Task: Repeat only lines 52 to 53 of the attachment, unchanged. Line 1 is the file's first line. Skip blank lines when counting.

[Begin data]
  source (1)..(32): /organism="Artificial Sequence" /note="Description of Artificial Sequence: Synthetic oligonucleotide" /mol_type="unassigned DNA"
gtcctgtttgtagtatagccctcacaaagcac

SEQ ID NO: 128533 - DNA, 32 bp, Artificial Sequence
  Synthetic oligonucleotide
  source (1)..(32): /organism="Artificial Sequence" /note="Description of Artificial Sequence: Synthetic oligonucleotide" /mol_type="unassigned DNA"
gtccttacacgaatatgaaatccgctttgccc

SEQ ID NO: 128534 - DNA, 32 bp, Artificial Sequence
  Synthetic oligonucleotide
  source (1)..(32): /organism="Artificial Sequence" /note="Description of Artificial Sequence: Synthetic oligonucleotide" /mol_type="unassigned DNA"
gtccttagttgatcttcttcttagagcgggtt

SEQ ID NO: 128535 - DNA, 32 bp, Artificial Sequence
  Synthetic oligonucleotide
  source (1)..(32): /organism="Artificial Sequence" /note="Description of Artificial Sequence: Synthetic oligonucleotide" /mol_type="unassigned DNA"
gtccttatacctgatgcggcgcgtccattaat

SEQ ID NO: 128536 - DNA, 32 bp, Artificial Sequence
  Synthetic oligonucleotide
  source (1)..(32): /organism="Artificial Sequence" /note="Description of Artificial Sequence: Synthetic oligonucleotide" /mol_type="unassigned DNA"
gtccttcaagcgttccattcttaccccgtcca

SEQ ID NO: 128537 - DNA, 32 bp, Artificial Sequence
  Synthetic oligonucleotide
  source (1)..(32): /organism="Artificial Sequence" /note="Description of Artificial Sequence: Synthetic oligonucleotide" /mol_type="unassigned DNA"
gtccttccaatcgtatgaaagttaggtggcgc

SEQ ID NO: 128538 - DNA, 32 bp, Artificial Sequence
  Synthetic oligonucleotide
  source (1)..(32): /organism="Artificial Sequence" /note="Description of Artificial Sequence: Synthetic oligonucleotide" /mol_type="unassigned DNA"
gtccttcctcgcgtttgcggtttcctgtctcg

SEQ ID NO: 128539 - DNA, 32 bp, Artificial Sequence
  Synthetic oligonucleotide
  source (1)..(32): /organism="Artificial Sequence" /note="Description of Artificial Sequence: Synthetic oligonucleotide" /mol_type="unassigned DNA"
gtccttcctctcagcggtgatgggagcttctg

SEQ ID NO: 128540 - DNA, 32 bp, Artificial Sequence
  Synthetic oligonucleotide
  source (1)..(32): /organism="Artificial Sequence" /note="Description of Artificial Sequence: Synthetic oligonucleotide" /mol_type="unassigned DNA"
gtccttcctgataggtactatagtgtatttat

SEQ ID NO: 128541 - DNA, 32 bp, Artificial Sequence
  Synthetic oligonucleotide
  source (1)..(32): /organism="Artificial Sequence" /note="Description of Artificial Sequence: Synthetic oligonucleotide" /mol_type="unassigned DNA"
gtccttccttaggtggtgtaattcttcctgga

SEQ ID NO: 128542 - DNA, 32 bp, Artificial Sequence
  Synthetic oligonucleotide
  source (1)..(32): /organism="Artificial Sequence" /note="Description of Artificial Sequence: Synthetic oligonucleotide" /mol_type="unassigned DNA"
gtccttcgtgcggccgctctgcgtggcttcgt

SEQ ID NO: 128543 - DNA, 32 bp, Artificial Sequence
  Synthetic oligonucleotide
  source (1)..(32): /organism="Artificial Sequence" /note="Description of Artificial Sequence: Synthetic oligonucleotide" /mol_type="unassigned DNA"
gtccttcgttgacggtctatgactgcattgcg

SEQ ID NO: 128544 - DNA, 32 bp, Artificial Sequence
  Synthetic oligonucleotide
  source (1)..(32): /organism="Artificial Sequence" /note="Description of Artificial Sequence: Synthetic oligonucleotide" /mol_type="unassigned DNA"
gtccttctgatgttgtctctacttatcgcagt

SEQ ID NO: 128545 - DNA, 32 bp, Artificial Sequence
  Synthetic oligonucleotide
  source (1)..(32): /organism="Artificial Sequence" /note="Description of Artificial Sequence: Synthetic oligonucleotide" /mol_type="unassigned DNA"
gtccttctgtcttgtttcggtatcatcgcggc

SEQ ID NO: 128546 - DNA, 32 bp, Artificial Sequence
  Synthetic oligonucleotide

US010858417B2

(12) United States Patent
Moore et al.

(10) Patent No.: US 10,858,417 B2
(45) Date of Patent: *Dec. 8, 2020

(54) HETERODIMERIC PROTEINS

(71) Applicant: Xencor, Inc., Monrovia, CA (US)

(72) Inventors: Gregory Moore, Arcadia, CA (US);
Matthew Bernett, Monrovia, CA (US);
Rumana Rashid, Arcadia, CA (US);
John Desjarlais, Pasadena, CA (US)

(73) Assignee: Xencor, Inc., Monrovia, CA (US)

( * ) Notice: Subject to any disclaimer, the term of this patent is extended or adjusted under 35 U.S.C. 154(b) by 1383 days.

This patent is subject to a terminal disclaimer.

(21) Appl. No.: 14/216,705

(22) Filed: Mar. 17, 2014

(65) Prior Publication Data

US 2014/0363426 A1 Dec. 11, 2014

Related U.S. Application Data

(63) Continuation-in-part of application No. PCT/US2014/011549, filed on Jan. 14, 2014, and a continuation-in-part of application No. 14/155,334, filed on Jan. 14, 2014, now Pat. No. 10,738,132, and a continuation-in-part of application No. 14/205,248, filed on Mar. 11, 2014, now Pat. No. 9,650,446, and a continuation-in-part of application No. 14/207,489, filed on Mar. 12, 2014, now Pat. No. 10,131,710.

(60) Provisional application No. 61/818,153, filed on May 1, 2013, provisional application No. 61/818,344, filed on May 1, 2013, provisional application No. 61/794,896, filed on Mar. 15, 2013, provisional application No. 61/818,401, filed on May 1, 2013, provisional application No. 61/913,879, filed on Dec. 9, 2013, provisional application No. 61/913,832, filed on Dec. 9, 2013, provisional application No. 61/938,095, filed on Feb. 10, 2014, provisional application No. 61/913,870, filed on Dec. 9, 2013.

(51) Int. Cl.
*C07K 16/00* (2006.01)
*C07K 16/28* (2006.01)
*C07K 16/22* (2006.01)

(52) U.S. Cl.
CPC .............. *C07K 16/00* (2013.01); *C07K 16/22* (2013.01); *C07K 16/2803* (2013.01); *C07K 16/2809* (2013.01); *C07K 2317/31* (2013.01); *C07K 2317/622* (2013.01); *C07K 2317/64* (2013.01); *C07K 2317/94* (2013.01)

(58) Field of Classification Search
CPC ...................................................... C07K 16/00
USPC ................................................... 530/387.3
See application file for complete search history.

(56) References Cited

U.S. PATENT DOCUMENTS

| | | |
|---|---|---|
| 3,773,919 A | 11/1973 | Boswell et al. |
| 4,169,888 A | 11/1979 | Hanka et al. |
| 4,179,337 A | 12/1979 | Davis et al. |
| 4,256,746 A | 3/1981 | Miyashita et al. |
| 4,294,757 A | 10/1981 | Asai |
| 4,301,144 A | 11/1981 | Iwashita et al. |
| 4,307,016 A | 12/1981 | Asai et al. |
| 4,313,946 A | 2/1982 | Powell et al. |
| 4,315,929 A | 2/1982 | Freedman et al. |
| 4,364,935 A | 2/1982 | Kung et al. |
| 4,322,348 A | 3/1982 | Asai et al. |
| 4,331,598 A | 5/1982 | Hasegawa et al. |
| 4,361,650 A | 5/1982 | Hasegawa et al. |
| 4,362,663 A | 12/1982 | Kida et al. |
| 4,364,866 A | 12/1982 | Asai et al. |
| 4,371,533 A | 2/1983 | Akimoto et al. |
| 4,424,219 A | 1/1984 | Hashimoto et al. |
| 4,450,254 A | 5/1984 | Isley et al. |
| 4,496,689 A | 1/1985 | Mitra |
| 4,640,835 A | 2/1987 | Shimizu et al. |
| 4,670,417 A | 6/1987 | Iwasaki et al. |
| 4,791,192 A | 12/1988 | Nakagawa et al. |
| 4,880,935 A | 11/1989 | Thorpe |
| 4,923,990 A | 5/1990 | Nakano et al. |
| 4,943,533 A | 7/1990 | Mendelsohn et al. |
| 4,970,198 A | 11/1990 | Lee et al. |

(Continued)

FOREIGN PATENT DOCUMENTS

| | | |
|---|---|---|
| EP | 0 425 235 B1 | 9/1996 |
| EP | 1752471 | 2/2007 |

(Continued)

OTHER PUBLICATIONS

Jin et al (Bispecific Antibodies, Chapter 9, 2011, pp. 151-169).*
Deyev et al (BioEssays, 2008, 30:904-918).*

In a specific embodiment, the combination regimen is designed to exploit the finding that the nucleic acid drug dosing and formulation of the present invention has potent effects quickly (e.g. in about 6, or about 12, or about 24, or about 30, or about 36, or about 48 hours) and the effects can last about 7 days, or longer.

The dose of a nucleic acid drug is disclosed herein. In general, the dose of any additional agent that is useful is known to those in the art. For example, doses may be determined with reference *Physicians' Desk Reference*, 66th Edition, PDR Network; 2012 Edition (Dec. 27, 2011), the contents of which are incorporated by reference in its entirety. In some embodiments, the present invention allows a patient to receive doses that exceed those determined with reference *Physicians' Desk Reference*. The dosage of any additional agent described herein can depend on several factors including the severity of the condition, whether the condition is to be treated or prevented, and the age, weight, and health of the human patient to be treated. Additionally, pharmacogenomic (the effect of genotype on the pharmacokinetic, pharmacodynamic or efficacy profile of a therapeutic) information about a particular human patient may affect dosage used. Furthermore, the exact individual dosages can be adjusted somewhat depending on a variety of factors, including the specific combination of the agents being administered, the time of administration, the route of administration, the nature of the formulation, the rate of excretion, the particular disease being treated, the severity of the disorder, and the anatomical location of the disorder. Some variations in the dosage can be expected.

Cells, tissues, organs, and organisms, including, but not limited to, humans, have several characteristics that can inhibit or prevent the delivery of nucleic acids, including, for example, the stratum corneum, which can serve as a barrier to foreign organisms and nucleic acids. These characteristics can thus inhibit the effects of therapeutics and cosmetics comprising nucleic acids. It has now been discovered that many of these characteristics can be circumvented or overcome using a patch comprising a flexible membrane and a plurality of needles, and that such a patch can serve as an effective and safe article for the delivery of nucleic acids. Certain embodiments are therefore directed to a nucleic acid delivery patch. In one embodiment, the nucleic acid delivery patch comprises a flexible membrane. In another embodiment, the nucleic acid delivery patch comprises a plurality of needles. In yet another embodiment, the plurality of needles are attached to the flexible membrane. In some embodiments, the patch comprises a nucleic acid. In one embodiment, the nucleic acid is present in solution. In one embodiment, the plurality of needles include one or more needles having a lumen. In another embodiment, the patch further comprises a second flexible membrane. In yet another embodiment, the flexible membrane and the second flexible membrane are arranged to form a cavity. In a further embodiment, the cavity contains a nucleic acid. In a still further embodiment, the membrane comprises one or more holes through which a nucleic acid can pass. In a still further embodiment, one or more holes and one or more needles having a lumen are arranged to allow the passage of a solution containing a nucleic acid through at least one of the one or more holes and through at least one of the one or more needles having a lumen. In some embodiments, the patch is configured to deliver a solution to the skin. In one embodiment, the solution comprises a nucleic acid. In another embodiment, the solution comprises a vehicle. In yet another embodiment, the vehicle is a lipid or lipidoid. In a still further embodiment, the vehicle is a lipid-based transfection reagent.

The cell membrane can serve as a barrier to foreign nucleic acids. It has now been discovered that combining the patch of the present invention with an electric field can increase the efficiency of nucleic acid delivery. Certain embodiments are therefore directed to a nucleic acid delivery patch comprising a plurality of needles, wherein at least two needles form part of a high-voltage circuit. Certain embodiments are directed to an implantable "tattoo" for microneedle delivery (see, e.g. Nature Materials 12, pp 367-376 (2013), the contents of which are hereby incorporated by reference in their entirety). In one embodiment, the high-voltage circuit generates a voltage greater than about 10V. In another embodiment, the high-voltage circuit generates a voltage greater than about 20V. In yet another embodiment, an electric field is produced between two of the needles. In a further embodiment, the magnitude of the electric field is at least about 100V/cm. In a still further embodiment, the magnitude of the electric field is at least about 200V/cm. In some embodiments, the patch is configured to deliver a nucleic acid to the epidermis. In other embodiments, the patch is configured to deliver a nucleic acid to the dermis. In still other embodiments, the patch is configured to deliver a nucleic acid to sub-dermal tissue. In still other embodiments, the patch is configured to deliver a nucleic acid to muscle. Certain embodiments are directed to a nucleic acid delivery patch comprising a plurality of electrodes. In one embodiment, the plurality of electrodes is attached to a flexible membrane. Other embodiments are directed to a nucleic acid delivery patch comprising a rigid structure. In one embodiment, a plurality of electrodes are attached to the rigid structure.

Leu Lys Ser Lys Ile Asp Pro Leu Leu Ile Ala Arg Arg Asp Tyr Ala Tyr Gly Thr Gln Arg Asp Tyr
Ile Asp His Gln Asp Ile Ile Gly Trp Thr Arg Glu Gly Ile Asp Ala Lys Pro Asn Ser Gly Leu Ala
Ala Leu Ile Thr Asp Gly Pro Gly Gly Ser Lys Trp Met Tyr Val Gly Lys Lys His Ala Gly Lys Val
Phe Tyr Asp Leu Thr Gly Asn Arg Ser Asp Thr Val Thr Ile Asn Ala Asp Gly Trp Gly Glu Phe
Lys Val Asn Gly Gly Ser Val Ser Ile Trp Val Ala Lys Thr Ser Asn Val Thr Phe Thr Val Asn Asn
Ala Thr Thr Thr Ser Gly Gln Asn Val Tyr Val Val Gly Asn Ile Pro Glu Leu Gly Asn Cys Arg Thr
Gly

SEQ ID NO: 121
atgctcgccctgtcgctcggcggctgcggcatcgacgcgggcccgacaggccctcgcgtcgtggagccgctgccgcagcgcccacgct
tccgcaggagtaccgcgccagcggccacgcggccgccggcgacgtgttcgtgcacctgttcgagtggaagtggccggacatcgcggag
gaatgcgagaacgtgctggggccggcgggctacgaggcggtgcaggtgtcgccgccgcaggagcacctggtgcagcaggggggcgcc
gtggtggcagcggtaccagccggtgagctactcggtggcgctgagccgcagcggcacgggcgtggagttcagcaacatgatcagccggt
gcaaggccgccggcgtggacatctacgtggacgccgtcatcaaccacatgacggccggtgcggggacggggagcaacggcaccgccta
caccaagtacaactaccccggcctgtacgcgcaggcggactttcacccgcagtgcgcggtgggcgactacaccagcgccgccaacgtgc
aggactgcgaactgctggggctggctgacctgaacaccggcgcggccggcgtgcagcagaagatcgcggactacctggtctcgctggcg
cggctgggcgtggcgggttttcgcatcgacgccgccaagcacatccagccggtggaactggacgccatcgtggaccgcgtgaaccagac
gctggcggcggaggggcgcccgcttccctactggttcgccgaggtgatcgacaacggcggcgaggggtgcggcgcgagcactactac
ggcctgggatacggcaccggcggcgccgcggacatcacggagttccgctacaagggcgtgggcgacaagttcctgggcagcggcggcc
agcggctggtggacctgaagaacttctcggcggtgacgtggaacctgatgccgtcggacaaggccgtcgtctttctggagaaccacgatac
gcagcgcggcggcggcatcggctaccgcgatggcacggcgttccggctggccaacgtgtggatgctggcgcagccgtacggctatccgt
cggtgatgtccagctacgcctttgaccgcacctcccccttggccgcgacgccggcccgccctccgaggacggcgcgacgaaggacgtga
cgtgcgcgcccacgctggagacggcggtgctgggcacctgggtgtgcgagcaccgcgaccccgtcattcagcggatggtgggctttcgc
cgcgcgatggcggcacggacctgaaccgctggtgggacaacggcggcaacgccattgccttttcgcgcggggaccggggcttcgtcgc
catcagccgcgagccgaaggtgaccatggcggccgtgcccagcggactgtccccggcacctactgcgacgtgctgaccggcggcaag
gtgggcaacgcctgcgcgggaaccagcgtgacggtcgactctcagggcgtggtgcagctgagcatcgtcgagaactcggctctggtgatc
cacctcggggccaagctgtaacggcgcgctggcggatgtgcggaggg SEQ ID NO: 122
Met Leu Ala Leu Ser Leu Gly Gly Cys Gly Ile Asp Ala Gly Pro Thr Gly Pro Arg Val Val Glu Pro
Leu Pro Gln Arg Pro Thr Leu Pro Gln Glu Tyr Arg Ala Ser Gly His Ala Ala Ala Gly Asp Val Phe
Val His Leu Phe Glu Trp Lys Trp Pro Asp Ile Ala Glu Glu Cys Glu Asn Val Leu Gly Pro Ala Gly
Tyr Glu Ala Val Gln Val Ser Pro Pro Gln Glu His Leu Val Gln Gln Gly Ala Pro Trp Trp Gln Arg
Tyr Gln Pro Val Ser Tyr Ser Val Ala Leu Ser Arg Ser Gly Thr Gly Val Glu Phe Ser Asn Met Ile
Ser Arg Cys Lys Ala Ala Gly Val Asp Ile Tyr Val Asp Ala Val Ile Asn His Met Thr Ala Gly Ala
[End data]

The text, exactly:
  Synthetic oligonucleotide
  source (1)..(32): /organism="Artificial Sequence" /note="Description of Artificial Sequence: Synthetic oligonucleotide" /mol_type="unassigned DNA"